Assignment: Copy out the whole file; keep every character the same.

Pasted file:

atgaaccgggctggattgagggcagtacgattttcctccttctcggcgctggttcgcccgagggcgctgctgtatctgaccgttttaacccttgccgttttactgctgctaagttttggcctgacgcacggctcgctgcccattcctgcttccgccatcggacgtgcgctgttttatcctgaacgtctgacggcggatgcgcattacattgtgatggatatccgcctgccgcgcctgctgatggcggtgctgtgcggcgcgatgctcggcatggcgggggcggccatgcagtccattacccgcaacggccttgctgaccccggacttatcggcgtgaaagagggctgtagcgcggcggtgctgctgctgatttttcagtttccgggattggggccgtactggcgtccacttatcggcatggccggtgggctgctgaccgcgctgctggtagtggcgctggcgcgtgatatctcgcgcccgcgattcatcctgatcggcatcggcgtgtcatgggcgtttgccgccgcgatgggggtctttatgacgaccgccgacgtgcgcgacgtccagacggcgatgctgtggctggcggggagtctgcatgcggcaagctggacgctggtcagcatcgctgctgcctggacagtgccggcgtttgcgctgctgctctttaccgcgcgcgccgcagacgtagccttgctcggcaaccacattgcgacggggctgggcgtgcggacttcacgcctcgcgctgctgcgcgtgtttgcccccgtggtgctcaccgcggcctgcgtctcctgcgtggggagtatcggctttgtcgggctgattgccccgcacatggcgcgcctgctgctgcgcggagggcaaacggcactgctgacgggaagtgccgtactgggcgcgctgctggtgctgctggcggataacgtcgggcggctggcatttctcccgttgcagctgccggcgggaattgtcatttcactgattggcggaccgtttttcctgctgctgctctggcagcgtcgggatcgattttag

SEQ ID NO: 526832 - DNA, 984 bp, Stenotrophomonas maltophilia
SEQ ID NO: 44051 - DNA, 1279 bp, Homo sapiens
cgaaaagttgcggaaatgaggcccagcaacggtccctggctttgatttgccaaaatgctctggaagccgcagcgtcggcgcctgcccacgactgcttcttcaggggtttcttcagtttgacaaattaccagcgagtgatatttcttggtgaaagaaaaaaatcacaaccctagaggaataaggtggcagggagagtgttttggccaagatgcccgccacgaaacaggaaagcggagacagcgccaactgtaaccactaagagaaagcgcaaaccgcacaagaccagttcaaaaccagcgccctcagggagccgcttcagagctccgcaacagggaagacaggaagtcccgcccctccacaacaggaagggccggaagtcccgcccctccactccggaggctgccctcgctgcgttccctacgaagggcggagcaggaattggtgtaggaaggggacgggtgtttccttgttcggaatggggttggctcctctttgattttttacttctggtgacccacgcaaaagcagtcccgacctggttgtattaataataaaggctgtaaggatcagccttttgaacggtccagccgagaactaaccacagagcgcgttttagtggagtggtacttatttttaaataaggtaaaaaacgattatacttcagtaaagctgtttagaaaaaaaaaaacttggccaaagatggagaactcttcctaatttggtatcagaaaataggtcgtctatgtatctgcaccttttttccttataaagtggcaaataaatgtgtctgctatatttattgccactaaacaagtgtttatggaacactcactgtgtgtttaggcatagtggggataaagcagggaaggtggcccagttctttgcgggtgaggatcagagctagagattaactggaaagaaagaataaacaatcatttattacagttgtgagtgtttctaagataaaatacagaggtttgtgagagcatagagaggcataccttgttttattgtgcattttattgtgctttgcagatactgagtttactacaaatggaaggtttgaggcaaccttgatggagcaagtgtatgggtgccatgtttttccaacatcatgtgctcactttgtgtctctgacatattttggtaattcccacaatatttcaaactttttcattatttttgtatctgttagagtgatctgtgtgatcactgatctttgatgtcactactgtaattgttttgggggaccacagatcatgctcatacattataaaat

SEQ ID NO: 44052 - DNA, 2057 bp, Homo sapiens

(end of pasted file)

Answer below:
atgaaccgggctggattgagggcagtacgattttcctccttctcggcgctggttcgcccgagggcgctgctgtatctgaccgttttaacccttgccgttttactgctgctaagttttggcctgacgcacggctcgctgcccattcctgcttccgccatcggacgtgcgctgttttatcctgaacgtctgacggcggatgcgcattacattgtgatggatatccgcctgccgcgcctgctgatggcggtgctgtgcggcgcgatgctcggcatggcgggggcggccatgcagtccattacccgcaacggccttgctgaccccggacttatcggcgtgaaagagggctgtagcgcggcggtgctgctgctgatttttcagtttccgggattggggccgtactggcgtccacttatcggcatggccggtgggctgctgaccgcgctgctggtagtggcgctggcgcgtgatatctcgcgcccgcgattcatcctgatcggcatcggcgtgtcatgggcgtttgccgccgcgatgggggtctttatgacgaccgccgacgtgcgcgacgtccagacggcgatgctgtggctggcggggagtctgcatgcggcaagctggacgctggtcagcatcgctgctgcctggacagtgccggcgtttgcgctgctgctctttaccgcgcgcgccgcagacgtagccttgctcggcaaccacattgcgacggggctgggcgtgcggacttcacgcctcgcgctgctgcgcgtgtttgcccccgtggtgctcaccgcggcctgcgtctcctgcgtggggagtatcggctttgtcgggctgattgccccgcacatggcgcgcctgctgctgcgcggagggcaaacggcactgctgacgggaagtgccgtactgggcgcgctgctggtgctgctggcggataacgtcgggcggctggcatttctcccgttgcagctgccggcgggaattgtcatttcactgattggcggaccgtttttcctgctgctgctctggcagcgtcgggatcgattttag

SEQ ID NO: 526832 - DNA, 984 bp, Stenotrophomonas maltophilia
SEQ ID NO: 44051 - DNA, 1279 bp, Homo sapiens
cgaaaagttgcggaaatgaggcccagcaacggtccctggctttgatttgccaaaatgctctggaagccgcagcgtcggcgcctgcccacgactgcttcttcaggggtttcttcagtttgacaaattaccagcgagtgatatttcttggtgaaagaaaaaaatcacaaccctagaggaataaggtggcagggagagtgttttggccaagatgcccgccacgaaacaggaaagcggagacagcgccaactgtaaccactaagagaaagcgcaaaccgcacaagaccagttcaaaaccagcgccctcagggagccgcttcagagctccgcaacagggaagacaggaagtcccgcccctccacaacaggaagggccggaagtcccgcccctccactccggaggctgccctcgctgcgttccctacgaagggcggagcaggaattggtgtaggaaggggacgggtgtttccttgttcggaatggggttggctcctctttgattttttacttctggtgacccacgcaaaagcagtcccgacctggttgtattaataataaaggctgtaaggatcagccttttgaacggtccagccgagaactaaccacagagcgcgttttagtggagtggtacttatttttaaataaggtaaaaaacgattatacttcagtaaagctgtttagaaaaaaaaaaacttggccaaagatggagaactcttcctaatttggtatcagaaaataggtcgtctatgtatctgcaccttttttccttataaagtggcaaataaatgtgtctgctatatttattgccactaaacaagtgtttatggaacactcactgtgtgtttaggcatagtggggataaagcagggaaggtggcccagttctttgcgggtgaggatcagagctagagattaactggaaagaaagaataaacaatcatttattacagttgtgagtgtttctaagataaaatacagaggtttgtgagagcatagagaggcataccttgttttattgtgcattttattgtgctttgcagatactgagtttactacaaatggaaggtttgaggcaaccttgatggagcaagtgtatgggtgccatgtttttccaacatcatgtgctcactttgtgtctctgacatattttggtaattcccacaatatttcaaactttttcattatttttgtatctgttagagtgatctgtgtgatcactgatctttgatgtcactactgtaattgttttgggggaccacagatcatgctcatacattataaaat

SEQ ID NO: 44052 - DNA, 2057 bp, Homo sapiens